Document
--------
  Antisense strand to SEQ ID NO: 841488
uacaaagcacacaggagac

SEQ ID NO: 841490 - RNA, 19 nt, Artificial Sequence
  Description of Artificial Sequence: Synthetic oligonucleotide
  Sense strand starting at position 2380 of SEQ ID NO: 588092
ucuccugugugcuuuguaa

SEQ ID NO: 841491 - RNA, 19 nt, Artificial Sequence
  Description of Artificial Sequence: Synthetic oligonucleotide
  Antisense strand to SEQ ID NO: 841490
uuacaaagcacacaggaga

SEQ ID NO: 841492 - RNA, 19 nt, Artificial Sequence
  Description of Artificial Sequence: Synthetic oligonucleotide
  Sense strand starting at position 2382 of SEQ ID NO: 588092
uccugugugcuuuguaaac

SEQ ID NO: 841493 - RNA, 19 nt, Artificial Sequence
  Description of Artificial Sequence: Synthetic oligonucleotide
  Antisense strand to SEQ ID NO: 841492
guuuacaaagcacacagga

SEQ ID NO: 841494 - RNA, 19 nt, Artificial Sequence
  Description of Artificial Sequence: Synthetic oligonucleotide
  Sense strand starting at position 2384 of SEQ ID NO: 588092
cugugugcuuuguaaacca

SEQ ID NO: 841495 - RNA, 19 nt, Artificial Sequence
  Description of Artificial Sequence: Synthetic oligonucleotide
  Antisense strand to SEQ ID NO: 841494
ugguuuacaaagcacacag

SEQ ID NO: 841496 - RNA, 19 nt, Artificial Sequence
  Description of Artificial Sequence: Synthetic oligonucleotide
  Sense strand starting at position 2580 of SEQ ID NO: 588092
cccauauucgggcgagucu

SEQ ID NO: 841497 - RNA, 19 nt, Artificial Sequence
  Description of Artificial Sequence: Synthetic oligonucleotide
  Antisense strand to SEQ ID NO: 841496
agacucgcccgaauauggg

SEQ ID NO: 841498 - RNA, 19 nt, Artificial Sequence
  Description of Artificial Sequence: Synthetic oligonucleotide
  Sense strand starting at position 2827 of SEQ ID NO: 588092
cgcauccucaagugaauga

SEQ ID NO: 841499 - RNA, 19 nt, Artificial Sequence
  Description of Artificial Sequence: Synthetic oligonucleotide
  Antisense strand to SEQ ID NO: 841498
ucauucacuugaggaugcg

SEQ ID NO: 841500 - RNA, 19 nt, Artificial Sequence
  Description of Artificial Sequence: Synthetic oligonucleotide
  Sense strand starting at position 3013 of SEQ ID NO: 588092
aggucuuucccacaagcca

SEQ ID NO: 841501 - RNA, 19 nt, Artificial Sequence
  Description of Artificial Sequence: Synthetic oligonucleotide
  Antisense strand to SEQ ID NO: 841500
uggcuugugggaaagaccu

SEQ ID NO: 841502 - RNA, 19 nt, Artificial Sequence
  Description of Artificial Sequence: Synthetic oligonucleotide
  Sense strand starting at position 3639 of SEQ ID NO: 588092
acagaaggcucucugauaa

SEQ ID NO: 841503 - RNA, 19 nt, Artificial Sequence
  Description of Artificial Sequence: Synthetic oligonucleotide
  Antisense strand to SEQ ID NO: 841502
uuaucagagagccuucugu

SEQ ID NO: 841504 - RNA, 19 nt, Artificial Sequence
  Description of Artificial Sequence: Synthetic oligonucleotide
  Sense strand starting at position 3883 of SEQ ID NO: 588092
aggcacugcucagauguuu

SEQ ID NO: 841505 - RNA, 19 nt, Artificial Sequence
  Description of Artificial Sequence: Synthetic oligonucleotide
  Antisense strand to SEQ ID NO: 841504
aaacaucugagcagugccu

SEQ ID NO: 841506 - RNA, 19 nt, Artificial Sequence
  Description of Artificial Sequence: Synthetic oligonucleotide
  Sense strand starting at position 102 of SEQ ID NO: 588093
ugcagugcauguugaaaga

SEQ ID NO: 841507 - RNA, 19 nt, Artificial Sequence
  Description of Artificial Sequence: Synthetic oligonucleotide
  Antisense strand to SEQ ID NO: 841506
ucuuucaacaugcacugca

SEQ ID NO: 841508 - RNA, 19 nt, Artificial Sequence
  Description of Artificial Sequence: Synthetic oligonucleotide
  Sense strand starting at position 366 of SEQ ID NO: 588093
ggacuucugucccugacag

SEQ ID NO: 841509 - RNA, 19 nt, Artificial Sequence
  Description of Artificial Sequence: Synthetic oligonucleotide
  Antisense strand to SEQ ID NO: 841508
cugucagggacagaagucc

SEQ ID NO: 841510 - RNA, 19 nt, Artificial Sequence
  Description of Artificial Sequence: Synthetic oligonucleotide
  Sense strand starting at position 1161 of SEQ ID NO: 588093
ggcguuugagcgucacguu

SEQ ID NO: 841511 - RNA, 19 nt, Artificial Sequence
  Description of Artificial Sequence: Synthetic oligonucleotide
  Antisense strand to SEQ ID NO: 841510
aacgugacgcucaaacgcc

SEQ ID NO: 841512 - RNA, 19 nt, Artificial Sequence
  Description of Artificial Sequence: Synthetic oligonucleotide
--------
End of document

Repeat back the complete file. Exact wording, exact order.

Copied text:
  Antisense strand to SEQ ID NO: 841488
uacaaagcacacaggagac

SEQ ID NO: 841490 - RNA, 19 nt, Artificial Sequence
  Description of Artificial Sequence: Synthetic oligonucleotide
  Sense strand starting at position 2380 of SEQ ID NO: 588092
ucuccugugugcuuuguaa

SEQ ID NO: 841491 - RNA, 19 nt, Artificial Sequence
  Description of Artificial Sequence: Synthetic oligonucleotide
  Antisense strand to SEQ ID NO: 841490
uuacaaagcacacaggaga

SEQ ID NO: 841492 - RNA, 19 nt, Artificial Sequence
  Description of Artificial Sequence: Synthetic oligonucleotide
  Sense strand starting at position 2382 of SEQ ID NO: 588092
uccugugugcuuuguaaac

SEQ ID NO: 841493 - RNA, 19 nt, Artificial Sequence
  Description of Artificial Sequence: Synthetic oligonucleotide
  Antisense strand to SEQ ID NO: 841492
guuuacaaagcacacagga

SEQ ID NO: 841494 - RNA, 19 nt, Artificial Sequence
  Description of Artificial Sequence: Synthetic oligonucleotide
  Sense strand starting at position 2384 of SEQ ID NO: 588092
cugugugcuuuguaaacca

SEQ ID NO: 841495 - RNA, 19 nt, Artificial Sequence
  Description of Artificial Sequence: Synthetic oligonucleotide
  Antisense strand to SEQ ID NO: 841494
ugguuuacaaagcacacag

SEQ ID NO: 841496 - RNA, 19 nt, Artificial Sequence
  Description of Artificial Sequence: Synthetic oligonucleotide
  Sense strand starting at position 2580 of SEQ ID NO: 588092
cccauauucgggcgagucu

SEQ ID NO: 841497 - RNA, 19 nt, Artificial Sequence
  Description of Artificial Sequence: Synthetic oligonucleotide
  Antisense strand to SEQ ID NO: 841496
agacucgcccgaauauggg

SEQ ID NO: 841498 - RNA, 19 nt, Artificial Sequence
  Description of Artificial Sequence: Synthetic oligonucleotide
  Sense strand starting at position 2827 of SEQ ID NO: 588092
cgcauccucaagugaauga

SEQ ID NO: 841499 - RNA, 19 nt, Artificial Sequence
  Description of Artificial Sequence: Synthetic oligonucleotide
  Antisense strand to SEQ ID NO: 841498
ucauucacuugaggaugcg

SEQ ID NO: 841500 - RNA, 19 nt, Artificial Sequence
  Description of Artificial Sequence: Synthetic oligonucleotide
  Sense strand starting at position 3013 of SEQ ID NO: 588092
aggucuuucccacaagcca

SEQ ID NO: 841501 - RNA, 19 nt, Artificial Sequence
  Description of Artificial Sequence: Synthetic oligonucleotide
  Antisense strand to SEQ ID NO: 841500
uggcuugugggaaagaccu

SEQ ID NO: 841502 - RNA, 19 nt, Artificial Sequence
  Description of Artificial Sequence: Synthetic oligonucleotide
  Sense strand starting at position 3639 of SEQ ID NO: 588092
acagaaggcucucugauaa

SEQ ID NO: 841503 - RNA, 19 nt, Artificial Sequence
  Description of Artificial Sequence: Synthetic oligonucleotide
  Antisense strand to SEQ ID NO: 841502
uuaucagagagccuucugu

SEQ ID NO: 841504 - RNA, 19 nt, Artificial Sequence
  Description of Artificial Sequence: Synthetic oligonucleotide
  Sense strand starting at position 3883 of SEQ ID NO: 588092
aggcacugcucagauguuu

SEQ ID NO: 841505 - RNA, 19 nt, Artificial Sequence
  Description of Artificial Sequence: Synthetic oligonucleotide
  Antisense strand to SEQ ID NO: 841504
aaacaucugagcagugccu

SEQ ID NO: 841506 - RNA, 19 nt, Artificial Sequence
  Description of Artificial Sequence: Synthetic oligonucleotide
  Sense strand starting at position 102 of SEQ ID NO: 588093
ugcagugcauguugaaaga

SEQ ID NO: 841507 - RNA, 19 nt, Artificial Sequence
  Description of Artificial Sequence: Synthetic oligonucleotide
  Antisense strand to SEQ ID NO: 841506
ucuuucaacaugcacugca

SEQ ID NO: 841508 - RNA, 19 nt, Artificial Sequence
  Description of Artificial Sequence: Synthetic oligonucleotide
  Sense strand starting at position 366 of SEQ ID NO: 588093
ggacuucugucccugacag

SEQ ID NO: 841509 - RNA, 19 nt, Artificial Sequence
  Description of Artificial Sequence: Synthetic oligonucleotide
  Antisense strand to SEQ ID NO: 841508
cugucagggacagaagucc

SEQ ID NO: 841510 - RNA, 19 nt, Artificial Sequence
  Description of Artificial Sequence: Synthetic oligonucleotide
  Sense strand starting at position 1161 of SEQ ID NO: 588093
ggcguuugagcgucacguu

SEQ ID NO: 841511 - RNA, 19 nt, Artificial Sequence
  Description of Artificial Sequence: Synthetic oligonucleotide
  Antisense strand to SEQ ID NO: 841510
aacgugacgcucaaacgcc

SEQ ID NO: 841512 - RNA, 19 nt, Artificial Sequence
  Description of Artificial Sequence: Synthetic oligonucleotide